This would be similar to quantizing but perhaps better . . .
This would map to adjusting the durations and timing of notes, but I like the idea conceptually . . .
In effect, it says "no matter how imprecise or precise I play, map it so that the smallest duration is the duration of an eighth note or perhaps a sixteenth note" . . .
I think there is an algorithm for doing something like this, and it might not be an elaborate algorithm . . .
The starts and ends of notes are available in the recorded MIDI, so it's just a matter of doing what one might call "arbitrary smoothing", where the starts and ends of notes are set to the granularity of eighth or sixteenth notes, for example . . .
I seem to recall that at one time there was an option to allow triplets, but perhaps not . . .
It's all about mathematics, so I think it's not too difficult to have an option for the way to allow or disallow dotted notes, at least one or perhaps two dots . . .
This might be similar to what "quantizing" does, but I think the significant difference is that it adds parameters or options to control the way quantizing is done . . .
I do not do a lot of MIDI recording, but when I have done MIDI recording in NOTION and then quantized, it didn't appear to make a noticeable difference . . .
The NOTION folks might have done experiments with this idea; but I see posts like yours in various flavors occurring consistently every once in a while over the past 10 years . . .
I'm not in the sound isolation studio, so my ability to do experiments is limited; but for reference there are some very useful utility applications on the Mac that let you examine a MIDI file and see the exact values of nearly everything, some of which is hexadecimal and not so easy to interpret, but (a) it's there and (b) it starts making sense the more you learn about the MIDI Specification . . .
Thee probably are MIDI file examining and editing utility applications for Windows, as well . . .
Rollback the clock several years and MIDI was a new thing for me, which initially made no sense at all . . .
I found some excellent online courses on MIDI at Groove3 and macProVideo; purchased them; and then worked through the courses, which was very helpful . . .
[NOTE: These courses by both companies are available for Mac and Windows, and when you purchase them you can download them, so they're not "online". Instead, they are on your computer when you download them and install the player software and the data sets for the courses, which is convenient. As I recall, one of the courses was more simple and didn't go into as much technical detail as the other courses; but both of them were very helpful. The Mac Pro (Early 2009) does not have MIDI ports, but I use MOTU external MIDI and digital audio interfaces, and at least one of them had standard MIDI ports. I have a KORG Triton Music Workstation (88-keys, weighted grand piano style), and it's 10 or perhaps 15 years-old, so it only has standard MIDI connectivity. The newer 25-key Behringer mini-MIDI keyboard has both USB and standard MIDI--except that "newer' in this context actually is not the most current version . . . ]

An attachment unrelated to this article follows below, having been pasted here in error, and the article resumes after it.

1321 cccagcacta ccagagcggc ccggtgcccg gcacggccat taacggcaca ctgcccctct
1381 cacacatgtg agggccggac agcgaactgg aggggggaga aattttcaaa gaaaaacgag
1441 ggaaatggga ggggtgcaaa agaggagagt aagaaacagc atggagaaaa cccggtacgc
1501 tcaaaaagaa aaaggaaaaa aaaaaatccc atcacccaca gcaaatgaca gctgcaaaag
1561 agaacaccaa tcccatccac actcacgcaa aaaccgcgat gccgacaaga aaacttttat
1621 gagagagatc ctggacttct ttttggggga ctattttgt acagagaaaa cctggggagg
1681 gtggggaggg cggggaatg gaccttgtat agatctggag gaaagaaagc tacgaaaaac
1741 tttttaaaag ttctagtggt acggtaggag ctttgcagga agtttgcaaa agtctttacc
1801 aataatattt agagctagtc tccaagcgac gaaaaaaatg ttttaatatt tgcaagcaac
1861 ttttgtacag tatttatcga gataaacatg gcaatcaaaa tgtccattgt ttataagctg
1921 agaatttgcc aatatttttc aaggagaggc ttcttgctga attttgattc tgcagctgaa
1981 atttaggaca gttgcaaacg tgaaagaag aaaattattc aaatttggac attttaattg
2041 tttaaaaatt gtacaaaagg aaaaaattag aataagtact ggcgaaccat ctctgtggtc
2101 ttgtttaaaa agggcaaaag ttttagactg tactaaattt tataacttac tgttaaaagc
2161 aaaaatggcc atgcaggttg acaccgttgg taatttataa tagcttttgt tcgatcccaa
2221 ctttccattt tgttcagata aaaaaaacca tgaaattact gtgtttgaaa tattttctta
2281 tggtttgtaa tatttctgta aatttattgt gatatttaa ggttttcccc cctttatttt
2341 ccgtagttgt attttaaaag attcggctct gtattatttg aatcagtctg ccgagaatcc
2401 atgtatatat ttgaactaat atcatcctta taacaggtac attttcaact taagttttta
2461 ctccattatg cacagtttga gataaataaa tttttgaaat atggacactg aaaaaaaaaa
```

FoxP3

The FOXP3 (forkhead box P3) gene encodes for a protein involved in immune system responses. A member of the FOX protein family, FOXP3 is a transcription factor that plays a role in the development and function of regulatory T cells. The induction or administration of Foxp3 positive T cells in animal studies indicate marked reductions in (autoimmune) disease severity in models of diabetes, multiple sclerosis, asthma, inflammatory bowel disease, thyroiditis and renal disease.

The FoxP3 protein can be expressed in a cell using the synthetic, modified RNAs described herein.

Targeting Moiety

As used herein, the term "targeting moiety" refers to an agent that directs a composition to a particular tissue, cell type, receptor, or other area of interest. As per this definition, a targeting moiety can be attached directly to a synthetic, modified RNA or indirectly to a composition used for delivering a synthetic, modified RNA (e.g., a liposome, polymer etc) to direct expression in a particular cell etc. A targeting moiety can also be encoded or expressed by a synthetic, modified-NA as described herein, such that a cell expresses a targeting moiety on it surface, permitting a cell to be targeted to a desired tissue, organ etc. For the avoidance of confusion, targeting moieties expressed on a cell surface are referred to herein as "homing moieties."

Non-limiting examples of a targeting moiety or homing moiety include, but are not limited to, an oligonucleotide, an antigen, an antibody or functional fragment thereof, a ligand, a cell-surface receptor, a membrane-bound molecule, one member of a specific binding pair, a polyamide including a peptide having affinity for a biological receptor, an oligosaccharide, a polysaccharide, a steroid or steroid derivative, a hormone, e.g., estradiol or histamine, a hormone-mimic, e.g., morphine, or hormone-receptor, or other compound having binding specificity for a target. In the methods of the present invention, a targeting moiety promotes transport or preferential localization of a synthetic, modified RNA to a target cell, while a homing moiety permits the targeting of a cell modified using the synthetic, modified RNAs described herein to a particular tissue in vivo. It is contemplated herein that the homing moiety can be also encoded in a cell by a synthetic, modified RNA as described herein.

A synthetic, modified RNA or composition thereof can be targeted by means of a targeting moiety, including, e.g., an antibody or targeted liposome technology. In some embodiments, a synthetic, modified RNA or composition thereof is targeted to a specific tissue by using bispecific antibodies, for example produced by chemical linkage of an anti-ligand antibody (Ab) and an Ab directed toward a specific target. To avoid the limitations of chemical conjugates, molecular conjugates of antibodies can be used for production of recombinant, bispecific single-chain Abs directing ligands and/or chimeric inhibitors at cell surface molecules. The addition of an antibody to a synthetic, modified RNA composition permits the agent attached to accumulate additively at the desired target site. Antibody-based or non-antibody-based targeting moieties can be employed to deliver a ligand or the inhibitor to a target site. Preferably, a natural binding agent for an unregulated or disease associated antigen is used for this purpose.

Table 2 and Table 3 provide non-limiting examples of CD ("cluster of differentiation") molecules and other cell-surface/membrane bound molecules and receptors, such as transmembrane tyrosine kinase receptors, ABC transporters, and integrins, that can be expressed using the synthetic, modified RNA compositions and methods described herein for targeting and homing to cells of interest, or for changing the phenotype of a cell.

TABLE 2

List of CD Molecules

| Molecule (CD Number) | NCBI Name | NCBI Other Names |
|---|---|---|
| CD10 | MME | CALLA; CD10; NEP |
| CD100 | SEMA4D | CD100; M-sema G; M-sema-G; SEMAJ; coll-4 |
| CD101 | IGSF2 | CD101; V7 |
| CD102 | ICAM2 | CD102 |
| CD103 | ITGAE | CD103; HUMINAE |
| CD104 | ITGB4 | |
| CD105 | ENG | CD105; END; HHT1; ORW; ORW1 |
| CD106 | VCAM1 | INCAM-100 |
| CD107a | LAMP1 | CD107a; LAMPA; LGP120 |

MIDI Explained (Groove3)
MIDI Course Library (macProVideo)
I selected this specific Behringer MIDI keyboard and controller because it has everything--including inputs for two pedals--but it's a keyboard and MIDI controller, not a synthesizer, per se, although it has audio line inputs and outputs (stereo) and a stereo headphone port . . .
[NOTE: It has an input for a power supply, but as I recall it did not come with a power supply. After doing some research, I found a Jim Dunlop power supply that matched the specifications and cost about $10 (US) . . . ]
It does not have weighted piano-style keys, but the keys are velocity-sensitive; and it was affordable (less than $150 [US]) . . .
The primary use was to be able to explore all the MIDI stuff, and it's excellent for this purpose, since among other things it supports sending various MIDI commands and all that stuff, which is totally complex but nice to have when you are studying MIDI . . .
Behringer has a newer version that has weighted keys and is a synthesizer; and it has standard 8-pin MIDI ports, as well as a USB port, various other ins and outs, and so forth. As a synthesizer, it's monophonic, but I think it's just a regular MIDI keyboard when used only as a MIDI keyboard--but probably monophonic . . .
The newer version costs more, but it has weighted piano-style keys, which looks to be better than the plastic keys of the older model . . .
It also has MIDI-In, MIDI-Out, and MIDI-Pass-Through ports . . .
The older model only has MIDI-Out . . .
One of the features of the old model that I like is the ability to configure the keys so they are not velocity sensitive, which makes the keys "ON/OFF" rather than being touch-sensitive . . .
I found a laptop "arm" at Amazon that works very nicely and makes it possible to have the Behringer mini-MIDI keyboard next to the computer display and regular keyboard . . .
I can use the KORG Triton Music Workstation, of course, but it's not so convenient since when I am sitting in front of the computer display the Triton is in back of me . . .
Lots of FUN!